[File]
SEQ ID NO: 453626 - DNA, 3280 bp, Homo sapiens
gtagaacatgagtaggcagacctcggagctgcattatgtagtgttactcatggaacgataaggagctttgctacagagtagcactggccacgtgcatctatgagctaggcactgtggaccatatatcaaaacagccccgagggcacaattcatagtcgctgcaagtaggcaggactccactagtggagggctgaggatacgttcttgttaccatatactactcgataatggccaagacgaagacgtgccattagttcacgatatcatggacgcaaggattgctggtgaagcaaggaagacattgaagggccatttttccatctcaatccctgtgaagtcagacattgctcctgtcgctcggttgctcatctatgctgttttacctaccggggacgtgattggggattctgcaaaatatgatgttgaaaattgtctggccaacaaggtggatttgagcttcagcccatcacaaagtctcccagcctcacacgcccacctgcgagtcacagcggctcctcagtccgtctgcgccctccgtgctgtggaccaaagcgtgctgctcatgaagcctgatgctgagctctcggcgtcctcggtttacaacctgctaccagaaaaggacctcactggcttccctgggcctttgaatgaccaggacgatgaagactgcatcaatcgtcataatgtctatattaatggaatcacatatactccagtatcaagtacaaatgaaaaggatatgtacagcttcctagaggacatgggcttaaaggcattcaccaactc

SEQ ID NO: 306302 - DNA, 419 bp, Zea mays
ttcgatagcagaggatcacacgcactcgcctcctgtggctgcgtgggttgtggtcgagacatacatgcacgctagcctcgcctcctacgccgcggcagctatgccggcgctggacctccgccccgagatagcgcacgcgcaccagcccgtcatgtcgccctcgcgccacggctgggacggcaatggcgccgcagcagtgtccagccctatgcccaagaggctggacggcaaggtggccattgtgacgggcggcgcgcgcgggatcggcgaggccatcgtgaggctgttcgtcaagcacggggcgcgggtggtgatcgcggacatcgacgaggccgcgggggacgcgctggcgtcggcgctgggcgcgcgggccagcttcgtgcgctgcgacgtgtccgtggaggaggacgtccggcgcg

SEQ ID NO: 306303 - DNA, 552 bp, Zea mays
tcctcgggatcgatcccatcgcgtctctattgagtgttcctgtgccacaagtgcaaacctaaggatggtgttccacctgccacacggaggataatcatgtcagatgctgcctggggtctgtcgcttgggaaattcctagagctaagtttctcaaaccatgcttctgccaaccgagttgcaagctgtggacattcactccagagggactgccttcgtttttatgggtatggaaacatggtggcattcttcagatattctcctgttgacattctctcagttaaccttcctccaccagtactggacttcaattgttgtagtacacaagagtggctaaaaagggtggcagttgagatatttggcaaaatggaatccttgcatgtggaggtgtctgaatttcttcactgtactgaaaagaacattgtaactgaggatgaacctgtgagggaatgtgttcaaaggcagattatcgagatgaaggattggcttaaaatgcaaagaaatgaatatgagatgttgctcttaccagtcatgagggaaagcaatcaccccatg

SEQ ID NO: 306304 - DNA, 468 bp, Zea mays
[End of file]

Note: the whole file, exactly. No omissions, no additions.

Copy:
SEQ ID NO: 453626 - DNA, 3280 bp, Homo sapiens
gtagaacatgagtaggcagacctcggagctgcattatgtagtgttactcatggaacgataaggagctttgctacagagtagcactggccacgtgcatctatgagctaggcactgtggaccatatatcaaaacagccccgagggcacaattcatagtcgctgcaagtaggcaggactccactagtggagggctgaggatacgttcttgttaccatatactactcgataatggccaagacgaagacgtgccattagttcacgatatcatggacgcaaggattgctggtgaagcaaggaagacattgaagggccatttttccatctcaatccctgtgaagtcagacattgctcctgtcgctcggttgctcatctatgctgttttacctaccggggacgtgattggggattctgcaaaatatgatgttgaaaattgtctggccaacaaggtggatttgagcttcagcccatcacaaagtctcccagcctcacacgcccacctgcgagtcacagcggctcctcagtccgtctgcgccctccgtgctgtggaccaaagcgtgctgctcatgaagcctgatgctgagctctcggcgtcctcggtttacaacctgctaccagaaaaggacctcactggcttccctgggcctttgaatgaccaggacgatgaagactgcatcaatcgtcataatgtctatattaatggaatcacatatactccagtatcaagtacaaatgaaaaggatatgtacagcttcctagaggacatgggcttaaaggcattcaccaactc

SEQ ID NO: 306302 - DNA, 419 bp, Zea mays
ttcgatagcagaggatcacacgcactcgcctcctgtggctgcgtgggttgtggtcgagacatacatgcacgctagcctcgcctcctacgccgcggcagctatgccggcgctggacctccgccccgagatagcgcacgcgcaccagcccgtcatgtcgccctcgcgccacggctgggacggcaatggcgccgcagcagtgtccagccctatgcccaagaggctggacggcaaggtggccattgtgacgggcggcgcgcgcgggatcggcgaggccatcgtgaggctgttcgtcaagcacggggcgcgggtggtgatcgcggacatcgacgaggccgcgggggacgcgctggcgtcggcgctgggcgcgcgggccagcttcgtgcgctgcgacgtgtccgtggaggaggacgtccggcgcg

SEQ ID NO: 306303 - DNA, 552 bp, Zea mays
tcctcgggatcgatcccatcgcgtctctattgagtgttcctgtgccacaagtgcaaacctaaggatggtgttccacctgccacacggaggataatcatgtcagatgctgcctggggtctgtcgcttgggaaattcctagagctaagtttctcaaaccatgcttctgccaaccgagttgcaagctgtggacattcactccagagggactgccttcgtttttatgggtatggaaacatggtggcattcttcagatattctcctgttgacattctctcagttaaccttcctccaccagtactggacttcaattgttgtagtacacaagagtggctaaaaagggtggcagttgagatatttggcaaaatggaatccttgcatgtggaggtgtctgaatttcttcactgtactgaaaagaacattgtaactgaggatgaacctgtgagggaatgtgttcaaaggcagattatcgagatgaaggattggcttaaaatgcaaagaaatgaatatgagatgttgctcttaccagtcatgagggaaagcaatcaccccatg

SEQ ID NO: 306304 - DNA, 468 bp, Zea mays